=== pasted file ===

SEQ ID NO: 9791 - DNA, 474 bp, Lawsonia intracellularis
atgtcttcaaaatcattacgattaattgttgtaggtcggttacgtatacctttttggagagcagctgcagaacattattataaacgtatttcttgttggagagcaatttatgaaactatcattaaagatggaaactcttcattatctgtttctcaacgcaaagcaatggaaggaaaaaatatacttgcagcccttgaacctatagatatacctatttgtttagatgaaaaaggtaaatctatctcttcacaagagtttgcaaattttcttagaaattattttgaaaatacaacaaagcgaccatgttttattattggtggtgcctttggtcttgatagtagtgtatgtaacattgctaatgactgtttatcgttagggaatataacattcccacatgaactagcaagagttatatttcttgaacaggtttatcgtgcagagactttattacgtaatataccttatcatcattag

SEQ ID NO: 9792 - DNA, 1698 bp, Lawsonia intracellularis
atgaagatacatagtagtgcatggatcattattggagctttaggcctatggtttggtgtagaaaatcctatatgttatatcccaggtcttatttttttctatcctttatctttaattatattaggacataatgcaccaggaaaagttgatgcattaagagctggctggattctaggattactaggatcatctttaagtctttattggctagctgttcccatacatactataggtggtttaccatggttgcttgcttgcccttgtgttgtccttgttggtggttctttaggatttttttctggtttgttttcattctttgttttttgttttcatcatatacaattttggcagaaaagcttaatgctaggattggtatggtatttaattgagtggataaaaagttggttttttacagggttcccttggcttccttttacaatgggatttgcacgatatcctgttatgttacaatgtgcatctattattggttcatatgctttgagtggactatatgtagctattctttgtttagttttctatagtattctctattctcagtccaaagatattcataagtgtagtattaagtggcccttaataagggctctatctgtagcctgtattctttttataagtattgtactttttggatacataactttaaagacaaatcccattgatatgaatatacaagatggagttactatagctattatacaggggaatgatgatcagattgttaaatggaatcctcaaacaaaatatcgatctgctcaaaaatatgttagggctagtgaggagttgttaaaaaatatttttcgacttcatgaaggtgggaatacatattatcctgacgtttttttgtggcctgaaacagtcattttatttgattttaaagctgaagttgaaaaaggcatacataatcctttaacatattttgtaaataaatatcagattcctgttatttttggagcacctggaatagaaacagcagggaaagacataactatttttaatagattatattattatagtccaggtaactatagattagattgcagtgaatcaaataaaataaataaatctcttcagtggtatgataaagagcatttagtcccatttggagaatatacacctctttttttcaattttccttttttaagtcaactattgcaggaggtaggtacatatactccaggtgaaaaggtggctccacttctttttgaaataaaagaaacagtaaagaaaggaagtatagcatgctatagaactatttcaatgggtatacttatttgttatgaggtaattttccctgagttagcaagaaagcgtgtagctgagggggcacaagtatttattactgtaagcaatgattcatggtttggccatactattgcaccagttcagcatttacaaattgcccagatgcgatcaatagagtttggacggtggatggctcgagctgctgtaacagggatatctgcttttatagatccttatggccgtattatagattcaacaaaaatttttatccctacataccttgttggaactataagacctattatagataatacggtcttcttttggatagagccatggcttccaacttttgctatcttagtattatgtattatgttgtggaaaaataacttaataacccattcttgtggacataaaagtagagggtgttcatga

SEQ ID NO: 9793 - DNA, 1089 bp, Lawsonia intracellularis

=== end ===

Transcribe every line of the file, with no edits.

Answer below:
SEQ ID NO: 9791 - DNA, 474 bp, Lawsonia intracellularis
atgtcttcaaaatcattacgattaattgttgtaggtcggttacgtatacctttttggagagcagctgcagaacattattataaacgtatttcttgttggagagcaatttatgaaactatcattaaagatggaaactcttcattatctgtttctcaacgcaaagcaatggaaggaaaaaatatacttgcagcccttgaacctatagatatacctatttgtttagatgaaaaaggtaaatctatctcttcacaagagtttgcaaattttcttagaaattattttgaaaatacaacaaagcgaccatgttttattattggtggtgcctttggtcttgatagtagtgtatgtaacattgctaatgactgtttatcgttagggaatataacattcccacatgaactagcaagagttatatttcttgaacaggtttatcgtgcagagactttattacgtaatataccttatcatcattag

SEQ ID NO: 9792 - DNA, 1698 bp, Lawsonia intracellularis
atgaagatacatagtagtgcatggatcattattggagctttaggcctatggtttggtgtagaaaatcctatatgttatatcccaggtcttatttttttctatcctttatctttaattatattaggacataatgcaccaggaaaagttgatgcattaagagctggctggattctaggattactaggatcatctttaagtctttattggctagctgttcccatacatactataggtggtttaccatggttgcttgcttgcccttgtgttgtccttgttggtggttctttaggatttttttctggtttgttttcattctttgttttttgttttcatcatatacaattttggcagaaaagcttaatgctaggattggtatggtatttaattgagtggataaaaagttggttttttacagggttcccttggcttccttttacaatgggatttgcacgatatcctgttatgttacaatgtgcatctattattggttcatatgctttgagtggactatatgtagctattctttgtttagttttctatagtattctctattctcagtccaaagatattcataagtgtagtattaagtggcccttaataagggctctatctgtagcctgtattctttttataagtattgtactttttggatacataactttaaagacaaatcccattgatatgaatatacaagatggagttactatagctattatacaggggaatgatgatcagattgttaaatggaatcctcaaacaaaatatcgatctgctcaaaaatatgttagggctagtgaggagttgttaaaaaatatttttcgacttcatgaaggtgggaatacatattatcctgacgtttttttgtggcctgaaacagtcattttatttgattttaaagctgaagttgaaaaaggcatacataatcctttaacatattttgtaaataaatatcagattcctgttatttttggagcacctggaatagaaacagcagggaaagacataactatttttaatagattatattattatagtccaggtaactatagattagattgcagtgaatcaaataaaataaataaatctcttcagtggtatgataaagagcatttagtcccatttggagaatatacacctctttttttcaattttccttttttaagtcaactattgcaggaggtaggtacatatactccaggtgaaaaggtggctccacttctttttgaaataaaagaaacagtaaagaaaggaagtatagcatgctatagaactatttcaatgggtatacttatttgttatgaggtaattttccctgagttagcaagaaagcgtgtagctgagggggcacaagtatttattactgtaagcaatgattcatggtttggccatactattgcaccagttcagcatttacaaattgcccagatgcgatcaatagagtttggacggtggatggctcgagctgctgtaacagggatatctgcttttatagatccttatggccgtattatagattcaacaaaaatttttatccctacataccttgttggaactataagacctattatagataatacggtcttcttttggatagagccatggcttccaacttttgctatcttagtattatgtattatgttgtggaaaaataacttaataacccattcttgtggacataaaagtagagggtgttcatga

SEQ ID NO: 9793 - DNA, 1089 bp, Lawsonia intracellularis